Motor coach officials throughout the province are anxiously anticipating a provincial government announcement which is expected in the next few days.
This includes representatives from the Wilson’s Group of Companies, which operates the Tofino Bus.
Vancouver Island’s lone intercity bus service has not operated since this past December. It was forced to shut down to follow B.C. health regulations that were put in place to combat the COVID-19 pandemic.
Even though B.C.’s regulations were scheduled to be lifted Feb. 12, it was announced earlier this month the Tofino Bus would not hit the road again unless the provincial government provided the company with a $3 million subsidy to offset its massive drop in ridership.
An encouraging sign the government might be ready to provide some type of support was the fact Minister of Transportation and Infrastructure Rob Fleming met with officials from the Wilson’s Group of Companies this past Friday (Feb. 19) in a Zoom call.
Three other MLAs representing Vancouver Island ridings also took part in the meeting. They were Lana Popham (Saanich South), Murray Rankin (Oak Bay-Gordon Head) and Grace Lore (Victoria-Beacon Hill).
Ideally, representatives from the Wilson’s Group of Companies would have liked to hear at Friday’s meeting that the provincial government would be providing money for its requested subsidy.
But that wasn’t the case.
“Minister Fleming told us they are working on something,” said Samantha Wilson, the brand manager for the Wilson’s Group of Companies. “They are working with the Ministry of Finance trying to work out something for the whole motor coach sector.”
Wilson said that Fleming told company officials last Friday they could anticipate a provincial announcement within seven to 10 days.
Thus, potential funding news could come as early as this Friday or as late as early next week.
“Any day that goes by without any concrete information or funding is disappointing,” Wilson said. “We are getting to a desperation point.”
Prior to last Friday’s meeting, Wilson’s reps had sent 32 letters of support as well as a petition with more than 10,000 signatures to Fleming’s office. Various First Nations and mayors were among those who had provided support letters.
But now it appears the provincial government will not be only addressing Wilson’s subsidy request but also looking to help out the motor coach industry throughout British Columbia.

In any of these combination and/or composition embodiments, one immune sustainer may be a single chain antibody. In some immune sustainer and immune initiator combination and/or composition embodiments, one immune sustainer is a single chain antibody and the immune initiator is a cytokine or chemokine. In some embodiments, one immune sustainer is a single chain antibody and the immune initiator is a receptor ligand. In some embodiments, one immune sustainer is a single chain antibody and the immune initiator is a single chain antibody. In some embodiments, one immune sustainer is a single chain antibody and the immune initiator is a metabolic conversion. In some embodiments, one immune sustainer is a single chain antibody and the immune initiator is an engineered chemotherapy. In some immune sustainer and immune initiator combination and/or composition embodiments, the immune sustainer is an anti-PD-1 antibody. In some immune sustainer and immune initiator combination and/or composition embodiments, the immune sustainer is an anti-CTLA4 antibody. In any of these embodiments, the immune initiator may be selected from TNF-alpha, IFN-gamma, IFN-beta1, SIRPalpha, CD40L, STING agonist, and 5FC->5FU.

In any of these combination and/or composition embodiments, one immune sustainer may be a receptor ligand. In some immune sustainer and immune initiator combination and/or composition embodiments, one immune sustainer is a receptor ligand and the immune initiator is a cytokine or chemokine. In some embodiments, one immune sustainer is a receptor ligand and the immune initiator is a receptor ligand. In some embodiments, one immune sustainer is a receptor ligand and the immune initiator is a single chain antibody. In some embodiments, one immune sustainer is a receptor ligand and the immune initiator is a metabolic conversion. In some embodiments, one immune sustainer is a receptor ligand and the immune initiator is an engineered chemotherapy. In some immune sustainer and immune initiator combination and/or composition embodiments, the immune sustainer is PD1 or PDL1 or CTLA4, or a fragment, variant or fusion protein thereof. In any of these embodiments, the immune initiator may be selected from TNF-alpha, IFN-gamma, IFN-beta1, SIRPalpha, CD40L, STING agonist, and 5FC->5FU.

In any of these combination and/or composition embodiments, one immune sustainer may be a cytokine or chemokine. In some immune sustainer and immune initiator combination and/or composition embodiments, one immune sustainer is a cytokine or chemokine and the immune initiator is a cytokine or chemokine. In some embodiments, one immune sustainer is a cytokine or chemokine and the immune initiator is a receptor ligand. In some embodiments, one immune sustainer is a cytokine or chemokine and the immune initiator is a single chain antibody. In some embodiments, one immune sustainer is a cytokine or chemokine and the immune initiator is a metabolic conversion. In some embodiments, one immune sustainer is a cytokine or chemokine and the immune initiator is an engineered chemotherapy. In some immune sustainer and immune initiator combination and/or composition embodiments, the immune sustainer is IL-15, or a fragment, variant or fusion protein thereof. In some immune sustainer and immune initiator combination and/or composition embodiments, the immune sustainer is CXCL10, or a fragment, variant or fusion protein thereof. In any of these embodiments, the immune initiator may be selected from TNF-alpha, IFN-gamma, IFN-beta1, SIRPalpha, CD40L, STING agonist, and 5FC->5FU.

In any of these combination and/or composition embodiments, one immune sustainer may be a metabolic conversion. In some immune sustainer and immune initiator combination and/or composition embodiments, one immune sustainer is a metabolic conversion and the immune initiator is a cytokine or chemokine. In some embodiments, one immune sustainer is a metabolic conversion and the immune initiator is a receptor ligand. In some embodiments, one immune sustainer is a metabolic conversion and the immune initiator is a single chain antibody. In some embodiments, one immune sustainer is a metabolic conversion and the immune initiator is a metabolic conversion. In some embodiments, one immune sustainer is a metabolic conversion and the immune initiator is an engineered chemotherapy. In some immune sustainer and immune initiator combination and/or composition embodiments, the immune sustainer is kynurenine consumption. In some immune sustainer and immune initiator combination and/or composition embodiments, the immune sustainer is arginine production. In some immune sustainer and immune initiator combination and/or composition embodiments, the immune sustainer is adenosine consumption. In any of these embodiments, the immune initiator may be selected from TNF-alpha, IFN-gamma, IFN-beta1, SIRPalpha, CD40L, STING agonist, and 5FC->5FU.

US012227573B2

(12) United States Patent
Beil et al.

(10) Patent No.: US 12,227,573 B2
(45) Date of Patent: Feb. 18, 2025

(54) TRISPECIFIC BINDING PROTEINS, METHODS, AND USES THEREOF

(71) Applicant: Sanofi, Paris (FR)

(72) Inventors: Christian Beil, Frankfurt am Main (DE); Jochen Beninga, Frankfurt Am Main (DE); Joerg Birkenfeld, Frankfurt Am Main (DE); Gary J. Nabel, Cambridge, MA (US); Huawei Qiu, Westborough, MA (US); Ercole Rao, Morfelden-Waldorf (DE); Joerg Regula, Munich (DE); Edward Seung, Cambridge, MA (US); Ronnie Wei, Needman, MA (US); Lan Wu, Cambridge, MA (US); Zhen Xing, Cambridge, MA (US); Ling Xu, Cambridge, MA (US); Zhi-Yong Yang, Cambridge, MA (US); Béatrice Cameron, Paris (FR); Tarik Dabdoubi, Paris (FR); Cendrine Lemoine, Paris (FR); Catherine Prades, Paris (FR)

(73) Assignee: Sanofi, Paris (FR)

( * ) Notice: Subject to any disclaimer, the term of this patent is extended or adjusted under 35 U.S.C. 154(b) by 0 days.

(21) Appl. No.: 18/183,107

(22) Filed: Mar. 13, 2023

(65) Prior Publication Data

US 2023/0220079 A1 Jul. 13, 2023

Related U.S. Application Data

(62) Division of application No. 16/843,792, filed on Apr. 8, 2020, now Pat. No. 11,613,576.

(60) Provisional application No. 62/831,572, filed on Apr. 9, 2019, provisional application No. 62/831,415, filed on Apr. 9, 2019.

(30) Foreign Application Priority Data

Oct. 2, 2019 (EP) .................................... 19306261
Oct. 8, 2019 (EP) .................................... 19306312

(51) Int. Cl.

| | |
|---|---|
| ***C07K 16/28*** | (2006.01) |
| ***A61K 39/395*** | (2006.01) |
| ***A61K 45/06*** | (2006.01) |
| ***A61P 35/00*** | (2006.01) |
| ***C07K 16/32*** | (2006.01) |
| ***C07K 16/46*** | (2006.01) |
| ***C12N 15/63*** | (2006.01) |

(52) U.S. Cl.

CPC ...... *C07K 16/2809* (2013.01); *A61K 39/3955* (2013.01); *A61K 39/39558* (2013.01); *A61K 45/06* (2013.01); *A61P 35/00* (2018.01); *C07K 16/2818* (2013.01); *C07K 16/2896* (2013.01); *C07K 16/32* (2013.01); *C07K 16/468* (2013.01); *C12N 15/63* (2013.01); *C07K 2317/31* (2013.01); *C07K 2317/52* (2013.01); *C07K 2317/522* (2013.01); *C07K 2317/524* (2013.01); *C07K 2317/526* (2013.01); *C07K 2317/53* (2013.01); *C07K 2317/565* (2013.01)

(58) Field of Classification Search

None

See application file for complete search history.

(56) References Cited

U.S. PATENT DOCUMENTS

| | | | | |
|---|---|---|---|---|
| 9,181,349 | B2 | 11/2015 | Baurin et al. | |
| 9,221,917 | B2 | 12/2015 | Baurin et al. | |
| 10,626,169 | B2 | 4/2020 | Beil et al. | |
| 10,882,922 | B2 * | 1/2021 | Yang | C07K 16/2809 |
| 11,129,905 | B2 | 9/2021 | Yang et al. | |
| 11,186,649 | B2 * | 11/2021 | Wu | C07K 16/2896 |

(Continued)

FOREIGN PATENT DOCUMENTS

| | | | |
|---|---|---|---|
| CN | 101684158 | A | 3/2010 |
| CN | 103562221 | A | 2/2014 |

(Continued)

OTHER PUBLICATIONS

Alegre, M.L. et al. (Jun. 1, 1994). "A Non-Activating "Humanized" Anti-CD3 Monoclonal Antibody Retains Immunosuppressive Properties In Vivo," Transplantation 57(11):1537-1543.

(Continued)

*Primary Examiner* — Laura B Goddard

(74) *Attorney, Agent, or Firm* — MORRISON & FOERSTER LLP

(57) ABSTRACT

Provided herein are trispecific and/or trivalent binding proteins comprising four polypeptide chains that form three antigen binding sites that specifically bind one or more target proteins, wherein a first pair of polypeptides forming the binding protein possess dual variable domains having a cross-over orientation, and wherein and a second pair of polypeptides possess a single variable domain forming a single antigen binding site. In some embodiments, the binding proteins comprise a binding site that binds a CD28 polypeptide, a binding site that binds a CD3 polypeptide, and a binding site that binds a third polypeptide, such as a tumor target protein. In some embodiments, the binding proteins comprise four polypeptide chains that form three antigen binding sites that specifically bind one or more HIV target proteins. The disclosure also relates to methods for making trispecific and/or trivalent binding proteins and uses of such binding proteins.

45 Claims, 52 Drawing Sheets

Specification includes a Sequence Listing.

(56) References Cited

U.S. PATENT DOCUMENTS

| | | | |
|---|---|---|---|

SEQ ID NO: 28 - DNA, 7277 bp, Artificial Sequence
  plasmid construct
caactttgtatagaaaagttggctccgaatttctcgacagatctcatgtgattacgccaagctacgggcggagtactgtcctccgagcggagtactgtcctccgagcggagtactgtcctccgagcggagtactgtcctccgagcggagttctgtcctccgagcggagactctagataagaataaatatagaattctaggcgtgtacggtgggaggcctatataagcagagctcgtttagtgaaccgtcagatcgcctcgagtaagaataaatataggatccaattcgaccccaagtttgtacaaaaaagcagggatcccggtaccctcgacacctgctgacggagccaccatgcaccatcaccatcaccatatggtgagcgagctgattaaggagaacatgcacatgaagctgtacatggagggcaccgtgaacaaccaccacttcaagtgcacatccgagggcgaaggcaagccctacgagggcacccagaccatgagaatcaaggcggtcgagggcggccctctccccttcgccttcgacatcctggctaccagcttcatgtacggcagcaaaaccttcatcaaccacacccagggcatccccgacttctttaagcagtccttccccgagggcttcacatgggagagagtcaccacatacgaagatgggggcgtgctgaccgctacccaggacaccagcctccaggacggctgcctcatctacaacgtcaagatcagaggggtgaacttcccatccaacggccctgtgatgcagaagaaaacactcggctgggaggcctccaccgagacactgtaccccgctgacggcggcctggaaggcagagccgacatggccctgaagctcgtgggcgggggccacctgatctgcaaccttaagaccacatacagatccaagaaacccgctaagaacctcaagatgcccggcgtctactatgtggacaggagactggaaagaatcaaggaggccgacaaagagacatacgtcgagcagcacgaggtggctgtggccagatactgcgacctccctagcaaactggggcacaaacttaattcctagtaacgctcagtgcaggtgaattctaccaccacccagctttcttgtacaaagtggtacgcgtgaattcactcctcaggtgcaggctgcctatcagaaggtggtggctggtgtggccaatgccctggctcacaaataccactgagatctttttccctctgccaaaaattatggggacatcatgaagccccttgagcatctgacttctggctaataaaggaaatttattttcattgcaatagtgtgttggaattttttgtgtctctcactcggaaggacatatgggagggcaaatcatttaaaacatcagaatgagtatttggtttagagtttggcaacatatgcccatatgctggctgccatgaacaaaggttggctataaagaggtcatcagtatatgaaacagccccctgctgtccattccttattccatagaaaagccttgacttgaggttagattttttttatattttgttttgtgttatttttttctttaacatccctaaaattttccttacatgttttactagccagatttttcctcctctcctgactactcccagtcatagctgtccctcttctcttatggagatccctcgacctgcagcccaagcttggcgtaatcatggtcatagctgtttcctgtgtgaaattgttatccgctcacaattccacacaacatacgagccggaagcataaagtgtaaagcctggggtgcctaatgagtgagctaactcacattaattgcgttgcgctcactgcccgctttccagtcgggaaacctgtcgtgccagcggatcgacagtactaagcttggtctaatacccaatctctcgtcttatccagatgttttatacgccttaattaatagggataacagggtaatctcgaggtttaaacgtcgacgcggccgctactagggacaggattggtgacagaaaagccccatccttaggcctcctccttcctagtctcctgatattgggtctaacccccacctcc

That would include members of the BC Trucking Association, which has a motor coach component, and the BC Motor Coach Coalition, which Wilson’s is a member of.
Wilson said it is not only her company which is experiencing tough times because of the pandemic.
“The motor coach industry right across Canada is struggling quite a bit now,” she said.
To help get the message out that financial assistance is required, the BC Motor Coach Coalition has published a 15-page information package titled the BC Motor Coach COVID-19 Relief Report.
In a section on the impact of COVID-19, the report states the motor coach industry started to feel the impacts of the pandemic in January of 2020, when clients from Asia and Europe, who make up a large percentage of travelers to B.C., started cancelling their trips. The report added it is expected to take 20 months at minimum for the motor coach industry to recover, with a return to no more than 50 per cent of revenues expected for 2021.
The Tofino Bus services 21 First Nations or organizations in addition to 29 communities on Vancouver Island’s west coast.
Because of the pandemic though, its revenues have plummeted almost 95 per cent since last March, when the Tofino Bus service was originally shut down. It resumed last July but when the pandemic’s second wave arrived service was shut down again in the fall.
Wilson said it wouldn’t make financial sense for the company to resume its normal services with the current low number of riders. That’s why it has requested the $3 million subsidy in order to continue its operations for the next 12 months.
The company was operating the Tofino Bus seven days per week. It provided a total of 82,500 trips in 2019, the last full year of service prior to the pandemic.
Wilson said if the provincial government does indeed offer some sort of financial assistance to her company which is less than its requested amount, then decisions will have to be made on how often routes will run.
“Our goal is to be up and running again,” she said. “But it would really depend on what that dollar amount is. We might be looking at service that is 3-4 days a week instead of seven days a week or maybe fewer buses on the road each day.”
Wilson added if Wilson’s does receive some sort of financial package from the government, it wouldn’t take too long for the Tofino Bus service to start up again.
“We could be up and running within the week or maybe sooner,” she said.